In general, red wine usually has more alcohol by volume compared to white wine. This is because the black grapes for red wine are riper since they are picked later than the green grapes for white wine.
The alcohol content for white wine can be as low as 8% although they can occasionally rise to as high as 15%. But for red wine, it often ranges from 12% – 15%.
Red or white?
One question that some guests at a fine dining restaurant may find confusing sometimes is, which wine to choose – red or white?
The answer is simple: choose whatever you like; there is no right or wrong.
Once you have decided white or red wine, you can easily pick from two or three of the common grape varietals.
At Saint Pierre Kuala Lumpur, there is a wide range of quality wines that are affordable, either by the glass or bottle. You are most welcome to ask the sommeliers for the wine list and share your drinking preferences with them. The sommeliers’ expert knowledge will certainly be able to find something to suit your palate and budget.
Sommeliers study the regions, grape varietals, wine preparation methods, and so much more and take exams to become qualified.
If you have chosen a white wine, first note its hue.
When it is young, white wine can be pale yellow or straw-coloured. Swirl it in its glass gently before sniffing and you may detect fruity and floral aromas. Sip it and it should burst with freshness and acidity.
With some ageing, a white wine’s colour may darken and take on a lemony or golden shade.
To the nose, its bouquet may have more honeyed notes. On the palate, perhaps more mellow with ripe fruit.
Next, red wine.
Depending on the age, grape varietal and where it’s from, red wine may be light, full-bodied or a massive fruit-bomb.
But always remember the most important thing about wine: It doesn’t matter what you drink as long as you enjoy it.
Popular White Wines
Chardonnay and Sauvignon Blanc are two of the most popular white wines.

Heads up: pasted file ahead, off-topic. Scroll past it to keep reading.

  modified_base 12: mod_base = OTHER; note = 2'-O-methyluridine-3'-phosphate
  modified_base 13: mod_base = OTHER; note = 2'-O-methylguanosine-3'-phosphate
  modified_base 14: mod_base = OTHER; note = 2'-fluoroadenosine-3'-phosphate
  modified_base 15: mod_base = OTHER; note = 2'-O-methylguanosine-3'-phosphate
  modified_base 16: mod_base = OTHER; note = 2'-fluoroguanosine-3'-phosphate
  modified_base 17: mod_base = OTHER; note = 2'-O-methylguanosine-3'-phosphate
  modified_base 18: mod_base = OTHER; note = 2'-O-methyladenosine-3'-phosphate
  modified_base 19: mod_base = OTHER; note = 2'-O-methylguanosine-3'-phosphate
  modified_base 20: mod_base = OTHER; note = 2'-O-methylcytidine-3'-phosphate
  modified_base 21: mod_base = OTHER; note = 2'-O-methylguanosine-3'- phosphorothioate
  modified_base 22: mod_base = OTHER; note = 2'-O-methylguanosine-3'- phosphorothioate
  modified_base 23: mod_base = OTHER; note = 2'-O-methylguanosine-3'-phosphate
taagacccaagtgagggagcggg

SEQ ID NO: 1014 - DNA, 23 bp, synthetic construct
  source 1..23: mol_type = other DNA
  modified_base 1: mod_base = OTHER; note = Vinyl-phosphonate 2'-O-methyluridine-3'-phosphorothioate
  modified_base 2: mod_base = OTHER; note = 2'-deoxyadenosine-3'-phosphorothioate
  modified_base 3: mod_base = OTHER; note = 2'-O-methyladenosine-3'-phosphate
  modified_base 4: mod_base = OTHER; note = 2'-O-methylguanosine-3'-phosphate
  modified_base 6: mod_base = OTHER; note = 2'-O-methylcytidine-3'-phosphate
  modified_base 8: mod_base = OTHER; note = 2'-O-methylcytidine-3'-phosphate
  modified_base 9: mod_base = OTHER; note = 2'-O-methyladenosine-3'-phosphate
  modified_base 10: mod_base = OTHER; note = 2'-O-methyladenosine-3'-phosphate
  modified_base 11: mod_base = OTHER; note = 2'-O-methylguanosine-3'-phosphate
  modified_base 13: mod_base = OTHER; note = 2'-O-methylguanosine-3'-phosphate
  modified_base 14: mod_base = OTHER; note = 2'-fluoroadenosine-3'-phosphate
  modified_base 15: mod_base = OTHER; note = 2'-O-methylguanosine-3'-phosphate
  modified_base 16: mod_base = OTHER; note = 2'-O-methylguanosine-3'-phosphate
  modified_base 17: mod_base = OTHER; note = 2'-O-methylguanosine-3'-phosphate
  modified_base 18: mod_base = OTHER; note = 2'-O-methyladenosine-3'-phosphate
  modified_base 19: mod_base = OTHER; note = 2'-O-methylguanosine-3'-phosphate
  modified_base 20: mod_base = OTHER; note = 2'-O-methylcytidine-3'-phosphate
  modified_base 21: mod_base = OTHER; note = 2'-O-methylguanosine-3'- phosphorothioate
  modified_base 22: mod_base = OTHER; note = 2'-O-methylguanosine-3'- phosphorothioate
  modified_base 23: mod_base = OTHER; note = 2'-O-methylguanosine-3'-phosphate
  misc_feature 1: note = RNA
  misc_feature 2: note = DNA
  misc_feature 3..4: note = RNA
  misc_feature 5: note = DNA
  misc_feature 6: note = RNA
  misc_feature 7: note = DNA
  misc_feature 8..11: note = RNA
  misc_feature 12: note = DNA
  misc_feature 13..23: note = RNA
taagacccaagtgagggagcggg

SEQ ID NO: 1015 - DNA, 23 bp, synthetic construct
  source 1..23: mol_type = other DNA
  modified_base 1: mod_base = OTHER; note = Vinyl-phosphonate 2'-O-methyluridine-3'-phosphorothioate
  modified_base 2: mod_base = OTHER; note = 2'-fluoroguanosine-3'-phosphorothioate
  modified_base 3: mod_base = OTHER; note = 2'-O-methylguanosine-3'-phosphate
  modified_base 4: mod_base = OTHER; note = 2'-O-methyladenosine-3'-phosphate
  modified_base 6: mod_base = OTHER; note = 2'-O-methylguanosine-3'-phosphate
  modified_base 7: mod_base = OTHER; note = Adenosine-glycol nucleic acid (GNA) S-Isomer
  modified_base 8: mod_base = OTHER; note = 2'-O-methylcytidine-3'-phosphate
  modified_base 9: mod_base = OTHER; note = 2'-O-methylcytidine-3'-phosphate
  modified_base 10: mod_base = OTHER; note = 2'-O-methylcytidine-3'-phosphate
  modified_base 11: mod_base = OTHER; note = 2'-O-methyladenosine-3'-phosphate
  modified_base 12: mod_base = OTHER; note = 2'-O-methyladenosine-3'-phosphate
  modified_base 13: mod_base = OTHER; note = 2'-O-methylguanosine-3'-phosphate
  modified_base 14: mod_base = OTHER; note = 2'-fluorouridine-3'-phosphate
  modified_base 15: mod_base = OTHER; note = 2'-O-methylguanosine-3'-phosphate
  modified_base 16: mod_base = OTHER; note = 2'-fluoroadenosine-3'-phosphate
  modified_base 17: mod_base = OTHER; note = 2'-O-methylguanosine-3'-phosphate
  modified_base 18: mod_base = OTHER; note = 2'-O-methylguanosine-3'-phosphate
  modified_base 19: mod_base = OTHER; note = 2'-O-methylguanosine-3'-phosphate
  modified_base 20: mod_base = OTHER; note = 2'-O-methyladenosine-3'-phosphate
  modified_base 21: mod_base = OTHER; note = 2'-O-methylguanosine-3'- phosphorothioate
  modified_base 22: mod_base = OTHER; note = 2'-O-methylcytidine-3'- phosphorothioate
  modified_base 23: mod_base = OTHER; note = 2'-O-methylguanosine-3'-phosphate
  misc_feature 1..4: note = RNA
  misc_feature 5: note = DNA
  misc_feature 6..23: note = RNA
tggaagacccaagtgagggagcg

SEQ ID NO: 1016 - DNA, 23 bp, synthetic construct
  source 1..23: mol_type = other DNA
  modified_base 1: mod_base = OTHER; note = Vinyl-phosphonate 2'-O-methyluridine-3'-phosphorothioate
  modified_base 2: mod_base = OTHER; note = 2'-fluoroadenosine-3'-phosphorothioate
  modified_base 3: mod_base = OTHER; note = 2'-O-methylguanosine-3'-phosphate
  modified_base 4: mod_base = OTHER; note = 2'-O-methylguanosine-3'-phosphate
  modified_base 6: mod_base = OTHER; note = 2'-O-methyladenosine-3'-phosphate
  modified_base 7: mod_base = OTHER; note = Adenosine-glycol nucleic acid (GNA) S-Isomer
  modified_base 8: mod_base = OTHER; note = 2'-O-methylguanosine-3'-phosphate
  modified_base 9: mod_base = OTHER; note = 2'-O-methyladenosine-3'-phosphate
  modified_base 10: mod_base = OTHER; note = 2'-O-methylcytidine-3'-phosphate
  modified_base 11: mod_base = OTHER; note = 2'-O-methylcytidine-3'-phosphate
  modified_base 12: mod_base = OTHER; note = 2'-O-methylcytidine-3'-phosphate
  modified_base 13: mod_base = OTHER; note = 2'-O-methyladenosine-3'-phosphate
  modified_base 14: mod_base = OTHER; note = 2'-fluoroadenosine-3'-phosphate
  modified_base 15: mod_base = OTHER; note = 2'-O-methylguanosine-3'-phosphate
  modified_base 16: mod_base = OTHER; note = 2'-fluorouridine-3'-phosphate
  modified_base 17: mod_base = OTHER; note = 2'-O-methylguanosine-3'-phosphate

In generally, mid-priced Chardonnay should be light and easy-drinking, with some fruity aromas like apple and citrus, and perhaps a hint of vanilla or minerality.
Or it could be medium-bodied and exhibit Chardonnay’s characteristic creamy or buttery flavours.
But whatever its taste, it will not be sweet and is likely to be drier with moderate acidity and alcohol.
And when it comes to food pairings, Chardonnay, in general, goes well with shellfish, white fish, chicken and even pork. It is also nice with lighter cheeses, which means it will match a creamy pasta superbly.
Chardonnay is one of the most planted white grape varieties across the world.
Sauvignon Blanc is another white wine known to be light and fruity. The characteristic bouquet of Sauvignon Blanc has lychee and passion fruit, perhaps with floral and citrus overtones. Because of its freshness, it is also sometimes described as grassy.
Sauvignon Blanc can be dry but it should generally be sweeter than Chardonnay.
It is great with salads, crab, fish, chicken, turkey and pork. It can also handle stronger cheeses.
Popular Red Wines
Cabernet Sauvignon, Merlot, Pinot Noir and Syrah are among the most recognisable red wines, with Cabernet Sauvignon arguably being the best-known.
The Cabernet Sauvignon grape is small with a thick black skin. The wine made with such grapes is thus dark red in colour, usually with strong and bold fruit and tannins.
When aged, it may be rounder and more balanced as the tannins and fruit – usually cherry and raspberry – soften.
Cabernet Sauvignon is perfect with red meat like steak. And because of its concentration and sweetness, it can also be a surprisingly good match with spicy food.
Merlot is a bit like Cabernet Sauvignon, with flavours of red fruit but softer and smoother. It is thus easier to drink as well as pair with food.
If you must show off when ordering a French Merlot, try to remember that it is the dominant grape grown in the Right Bank of Bordeaux, one of the most famous areas in the wine world. This is opposite the Left Bank, where Cabernet Sauvignon is typically cultivated.
On the other hand, the Pinot Noir grape is larger than the Cabernet Sauvignon and has a thinner skin. Wine made from the Pinot Noir grape is lighter in colour and taste, with more subtle tannins.
The most famous (and expensive) French Pinot Noir comes from Burgundy. More affordable but still appealing options can be found in Australia and France.
Pinot Noir may be light and fruity, which makes them ideal with a fish dish, or lush and velvety, which suits meat like pork.
Finally, Syrah wine is darker in colour than Pinot Noir. It can be medium- to full-bodied like a Merlot but with a distinctive difference – it has a slight peppery taste, which makes it an excellent choice with food that is prepared with spices and/or herbs.
Now, make a reservation in restaurants with good wine lists and enjoy the indulgence!